Oklahomans 65 and older have a little more than two weeks left to enroll in Medicare or update their existing coverage.
Medicare open enrollment runs Oct. 15 to Dec. 7.
Dr. Marshall Dawer, market medical director for United Health Care in North Texas and Oklahoma, answered questions about how residents can better prepare themselves before enrolling.
Q. What should people consider if they're already enrolled?
A. Dawer said it's important to give yourself enough time to review your options. This is the time to look at your plan's network and assess whether you can access the services you'll need for the coming year.
It's also good to ask yourself questions about what additional benefits you might need and what the options are with your current plan.
Enrolling in Medicare or updating a current plan is not a fun process, and it can be easy to procrastinate. However, waiting can leave you with a plan that doesn't serve you as well.
“I think many families, although the period starts in October and goes until December, people wait until the last minute, which is the wrong thing to do,” he said.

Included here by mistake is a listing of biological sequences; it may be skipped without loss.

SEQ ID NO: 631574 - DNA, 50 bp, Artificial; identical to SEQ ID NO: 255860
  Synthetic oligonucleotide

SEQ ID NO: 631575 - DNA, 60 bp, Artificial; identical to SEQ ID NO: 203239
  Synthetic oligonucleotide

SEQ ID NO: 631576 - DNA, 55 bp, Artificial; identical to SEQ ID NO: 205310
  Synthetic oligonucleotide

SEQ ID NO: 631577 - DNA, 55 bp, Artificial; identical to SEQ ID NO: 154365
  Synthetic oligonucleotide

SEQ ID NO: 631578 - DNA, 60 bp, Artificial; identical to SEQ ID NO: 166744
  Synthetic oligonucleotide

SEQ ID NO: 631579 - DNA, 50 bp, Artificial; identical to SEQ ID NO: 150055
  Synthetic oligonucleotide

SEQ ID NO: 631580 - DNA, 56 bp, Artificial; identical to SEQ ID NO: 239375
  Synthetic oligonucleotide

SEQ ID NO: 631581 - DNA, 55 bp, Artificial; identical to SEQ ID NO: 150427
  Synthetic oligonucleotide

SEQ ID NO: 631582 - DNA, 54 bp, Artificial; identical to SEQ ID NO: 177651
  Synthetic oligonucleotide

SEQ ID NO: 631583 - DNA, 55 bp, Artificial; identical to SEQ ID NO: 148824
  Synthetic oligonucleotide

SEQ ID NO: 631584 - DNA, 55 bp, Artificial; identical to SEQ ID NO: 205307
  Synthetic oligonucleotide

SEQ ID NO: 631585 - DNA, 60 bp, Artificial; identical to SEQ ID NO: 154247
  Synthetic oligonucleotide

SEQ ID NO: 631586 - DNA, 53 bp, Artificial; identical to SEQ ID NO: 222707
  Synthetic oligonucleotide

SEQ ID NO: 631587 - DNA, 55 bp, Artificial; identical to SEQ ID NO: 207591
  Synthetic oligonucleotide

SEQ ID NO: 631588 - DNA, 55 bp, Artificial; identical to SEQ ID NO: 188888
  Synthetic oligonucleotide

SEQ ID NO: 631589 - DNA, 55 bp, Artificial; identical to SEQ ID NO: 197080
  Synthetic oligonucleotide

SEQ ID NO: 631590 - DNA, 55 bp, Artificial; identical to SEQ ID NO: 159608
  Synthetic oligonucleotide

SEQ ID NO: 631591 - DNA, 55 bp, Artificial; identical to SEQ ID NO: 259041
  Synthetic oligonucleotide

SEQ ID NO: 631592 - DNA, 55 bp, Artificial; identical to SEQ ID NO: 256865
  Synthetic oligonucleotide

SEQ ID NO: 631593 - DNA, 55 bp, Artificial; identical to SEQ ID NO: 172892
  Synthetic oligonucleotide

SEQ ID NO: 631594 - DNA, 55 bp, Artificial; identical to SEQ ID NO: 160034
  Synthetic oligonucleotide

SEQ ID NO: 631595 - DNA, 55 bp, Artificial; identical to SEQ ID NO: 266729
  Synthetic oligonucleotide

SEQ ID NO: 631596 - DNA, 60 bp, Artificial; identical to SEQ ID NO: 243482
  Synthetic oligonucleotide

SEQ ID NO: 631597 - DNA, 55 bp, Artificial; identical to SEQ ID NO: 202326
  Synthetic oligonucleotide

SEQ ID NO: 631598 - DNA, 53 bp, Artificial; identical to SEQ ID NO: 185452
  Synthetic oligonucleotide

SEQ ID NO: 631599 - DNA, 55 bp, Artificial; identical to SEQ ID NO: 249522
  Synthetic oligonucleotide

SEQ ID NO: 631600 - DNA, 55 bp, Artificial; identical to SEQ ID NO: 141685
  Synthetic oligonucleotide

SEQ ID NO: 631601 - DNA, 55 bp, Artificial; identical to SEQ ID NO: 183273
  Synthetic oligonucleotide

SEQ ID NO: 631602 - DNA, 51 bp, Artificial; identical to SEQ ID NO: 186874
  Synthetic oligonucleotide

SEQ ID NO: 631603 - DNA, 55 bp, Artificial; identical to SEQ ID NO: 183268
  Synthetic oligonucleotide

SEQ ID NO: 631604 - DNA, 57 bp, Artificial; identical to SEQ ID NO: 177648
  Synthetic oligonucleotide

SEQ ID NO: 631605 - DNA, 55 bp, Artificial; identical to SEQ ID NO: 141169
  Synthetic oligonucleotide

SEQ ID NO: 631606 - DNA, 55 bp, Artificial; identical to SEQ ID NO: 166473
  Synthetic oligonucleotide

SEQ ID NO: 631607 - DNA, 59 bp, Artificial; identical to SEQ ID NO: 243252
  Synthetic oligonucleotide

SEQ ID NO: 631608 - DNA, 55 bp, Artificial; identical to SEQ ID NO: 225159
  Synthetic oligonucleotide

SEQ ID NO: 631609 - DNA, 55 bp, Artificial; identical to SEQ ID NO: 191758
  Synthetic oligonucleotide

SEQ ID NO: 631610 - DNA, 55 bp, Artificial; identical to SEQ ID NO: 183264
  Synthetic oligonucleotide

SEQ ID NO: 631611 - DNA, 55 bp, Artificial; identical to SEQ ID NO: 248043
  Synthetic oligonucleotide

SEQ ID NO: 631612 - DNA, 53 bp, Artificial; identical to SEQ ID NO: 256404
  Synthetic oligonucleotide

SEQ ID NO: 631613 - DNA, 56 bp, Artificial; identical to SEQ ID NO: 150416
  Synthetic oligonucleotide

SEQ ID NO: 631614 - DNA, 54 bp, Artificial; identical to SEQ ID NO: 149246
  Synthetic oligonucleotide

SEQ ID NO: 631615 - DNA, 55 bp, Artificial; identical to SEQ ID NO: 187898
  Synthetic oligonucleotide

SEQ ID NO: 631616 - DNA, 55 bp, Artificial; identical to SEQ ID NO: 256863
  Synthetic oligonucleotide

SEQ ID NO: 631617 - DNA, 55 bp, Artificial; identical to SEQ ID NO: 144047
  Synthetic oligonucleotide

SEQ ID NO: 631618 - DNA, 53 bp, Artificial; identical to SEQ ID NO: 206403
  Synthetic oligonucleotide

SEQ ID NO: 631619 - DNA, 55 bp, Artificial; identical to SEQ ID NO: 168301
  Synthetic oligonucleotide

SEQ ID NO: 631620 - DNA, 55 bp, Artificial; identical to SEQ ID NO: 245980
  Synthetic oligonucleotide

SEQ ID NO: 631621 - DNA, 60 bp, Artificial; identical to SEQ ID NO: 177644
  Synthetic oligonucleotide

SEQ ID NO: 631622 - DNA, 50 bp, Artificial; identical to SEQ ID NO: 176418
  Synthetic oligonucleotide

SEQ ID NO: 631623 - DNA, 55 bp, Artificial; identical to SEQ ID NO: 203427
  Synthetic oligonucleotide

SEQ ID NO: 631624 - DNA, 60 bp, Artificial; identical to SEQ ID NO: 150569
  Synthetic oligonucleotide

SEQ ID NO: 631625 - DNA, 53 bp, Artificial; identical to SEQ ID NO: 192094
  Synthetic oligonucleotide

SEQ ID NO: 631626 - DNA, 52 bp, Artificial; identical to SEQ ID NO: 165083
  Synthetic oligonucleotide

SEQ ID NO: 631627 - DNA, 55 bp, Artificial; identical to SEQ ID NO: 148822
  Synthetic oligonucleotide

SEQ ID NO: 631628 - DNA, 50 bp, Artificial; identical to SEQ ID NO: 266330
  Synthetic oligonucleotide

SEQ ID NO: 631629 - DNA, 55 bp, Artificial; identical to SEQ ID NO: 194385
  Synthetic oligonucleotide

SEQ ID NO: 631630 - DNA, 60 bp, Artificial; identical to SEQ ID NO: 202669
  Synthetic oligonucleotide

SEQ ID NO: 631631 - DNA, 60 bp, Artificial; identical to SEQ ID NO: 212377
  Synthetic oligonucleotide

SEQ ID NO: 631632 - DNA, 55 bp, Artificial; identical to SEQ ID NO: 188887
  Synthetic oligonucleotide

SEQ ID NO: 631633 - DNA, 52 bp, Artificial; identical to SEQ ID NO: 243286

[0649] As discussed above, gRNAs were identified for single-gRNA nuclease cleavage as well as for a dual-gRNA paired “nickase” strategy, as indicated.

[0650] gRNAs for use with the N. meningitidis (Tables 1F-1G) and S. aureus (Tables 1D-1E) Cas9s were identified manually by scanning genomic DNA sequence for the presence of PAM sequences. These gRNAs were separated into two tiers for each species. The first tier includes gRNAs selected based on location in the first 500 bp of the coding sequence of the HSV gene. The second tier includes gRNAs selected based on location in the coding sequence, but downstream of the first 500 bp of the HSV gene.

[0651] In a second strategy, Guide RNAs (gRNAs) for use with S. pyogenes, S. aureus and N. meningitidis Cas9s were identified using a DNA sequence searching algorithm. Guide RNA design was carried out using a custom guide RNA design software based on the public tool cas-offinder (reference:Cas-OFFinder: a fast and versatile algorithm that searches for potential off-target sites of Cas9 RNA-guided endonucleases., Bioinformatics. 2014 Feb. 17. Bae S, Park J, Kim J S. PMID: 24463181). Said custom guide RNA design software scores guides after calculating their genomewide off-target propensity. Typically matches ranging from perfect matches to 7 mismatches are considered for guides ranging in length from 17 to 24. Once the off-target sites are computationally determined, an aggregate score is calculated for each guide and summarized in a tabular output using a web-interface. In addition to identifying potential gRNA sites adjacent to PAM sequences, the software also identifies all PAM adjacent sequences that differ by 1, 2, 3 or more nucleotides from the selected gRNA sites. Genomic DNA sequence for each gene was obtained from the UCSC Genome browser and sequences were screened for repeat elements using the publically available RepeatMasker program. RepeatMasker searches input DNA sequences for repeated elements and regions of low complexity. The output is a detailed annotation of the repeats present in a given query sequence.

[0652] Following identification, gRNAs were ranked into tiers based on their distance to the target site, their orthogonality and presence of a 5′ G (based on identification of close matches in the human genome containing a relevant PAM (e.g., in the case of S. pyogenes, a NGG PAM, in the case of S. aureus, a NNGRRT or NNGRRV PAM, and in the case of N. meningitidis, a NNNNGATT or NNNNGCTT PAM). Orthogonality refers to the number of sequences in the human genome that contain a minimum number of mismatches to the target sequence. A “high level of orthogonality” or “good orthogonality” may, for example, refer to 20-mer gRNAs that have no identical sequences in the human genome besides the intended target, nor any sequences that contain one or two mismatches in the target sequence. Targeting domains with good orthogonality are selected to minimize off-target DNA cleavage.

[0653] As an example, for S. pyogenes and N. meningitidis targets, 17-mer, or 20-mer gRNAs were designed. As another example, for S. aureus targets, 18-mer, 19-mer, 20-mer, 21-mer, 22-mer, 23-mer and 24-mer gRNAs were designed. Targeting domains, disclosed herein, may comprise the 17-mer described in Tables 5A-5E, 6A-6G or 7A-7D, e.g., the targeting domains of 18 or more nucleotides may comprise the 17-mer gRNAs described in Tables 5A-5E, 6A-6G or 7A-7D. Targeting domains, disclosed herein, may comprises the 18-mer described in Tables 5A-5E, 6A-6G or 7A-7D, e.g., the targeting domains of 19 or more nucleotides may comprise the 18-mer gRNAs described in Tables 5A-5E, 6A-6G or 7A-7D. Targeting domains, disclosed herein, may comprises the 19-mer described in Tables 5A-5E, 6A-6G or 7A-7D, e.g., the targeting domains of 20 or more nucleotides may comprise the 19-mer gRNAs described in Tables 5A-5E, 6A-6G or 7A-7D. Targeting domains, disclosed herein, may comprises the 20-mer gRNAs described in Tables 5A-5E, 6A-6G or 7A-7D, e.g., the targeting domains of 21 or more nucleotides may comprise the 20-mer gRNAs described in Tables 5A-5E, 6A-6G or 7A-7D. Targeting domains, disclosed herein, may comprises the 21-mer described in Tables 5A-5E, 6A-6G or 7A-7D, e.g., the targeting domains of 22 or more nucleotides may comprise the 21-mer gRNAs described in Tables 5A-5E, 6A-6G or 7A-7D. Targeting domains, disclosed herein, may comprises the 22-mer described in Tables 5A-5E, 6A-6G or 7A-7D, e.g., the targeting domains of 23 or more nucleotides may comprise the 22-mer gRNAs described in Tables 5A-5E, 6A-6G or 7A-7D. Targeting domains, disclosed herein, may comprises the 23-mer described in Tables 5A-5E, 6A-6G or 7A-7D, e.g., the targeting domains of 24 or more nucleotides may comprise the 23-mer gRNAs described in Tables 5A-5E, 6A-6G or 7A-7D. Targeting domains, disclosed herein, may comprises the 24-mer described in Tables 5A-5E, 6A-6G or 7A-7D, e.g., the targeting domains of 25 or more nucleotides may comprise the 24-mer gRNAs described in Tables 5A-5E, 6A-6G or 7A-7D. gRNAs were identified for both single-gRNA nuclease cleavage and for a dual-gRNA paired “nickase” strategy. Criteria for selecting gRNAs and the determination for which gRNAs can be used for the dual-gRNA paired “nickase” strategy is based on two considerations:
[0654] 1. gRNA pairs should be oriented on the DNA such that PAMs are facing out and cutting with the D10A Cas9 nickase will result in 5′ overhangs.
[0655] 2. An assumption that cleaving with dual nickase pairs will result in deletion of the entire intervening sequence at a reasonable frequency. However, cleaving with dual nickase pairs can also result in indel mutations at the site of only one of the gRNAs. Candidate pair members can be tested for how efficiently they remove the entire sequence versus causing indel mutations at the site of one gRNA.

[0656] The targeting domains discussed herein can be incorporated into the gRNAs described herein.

Q. What resources are available to help people understand their options?
A. The Oklahoma Insurance Department has staff ready to answer residents' questions.
This division of the department provides counseling, assistance and advocacy related to Medicare, Medicaid, Medicare supplements, Medicare Advantage, long-term care and other health coverage plans for Medicare beneficiaries, their representatives or people who will soon be eligible for Medicare. Residents can call (800) 763-2828 for assistance.
Dawer said senior citizen centers, churches and community centers could also provide guidance and resources. Insurance companies have their own resources online for Medicare beneficiaries.
Generally, people want choices, but the number of plan choices can be overwhelming.
“A lot of studies show that the more choices people are given, the harder it is to make a selection, and people don't necessarily make the best choices,” he said. “Sometimes when they have less choices, they're more apt to engage. That's perhaps an issue.”
Q. What often goes overlooked during enrollment?
A. Dawer said people often enroll in a plan and then continue with that plan without considering other options. A large portion of Medicare beneficiaries stay on the same plan year to year, he said.
“The plan that was a good plan for you last year, given how the plan is configured or what your particular circumstances are, may not be the plan for you this year,” he said.
Also, some people choose the plan with the lowest premium without considering the plan's out-of-pocket expenses. Oversimplifying your decision can lead to problems down the road, he said.
“Their decisions should reflect their values and resources, but often times, they don't have an iterative process to really do that,” he said.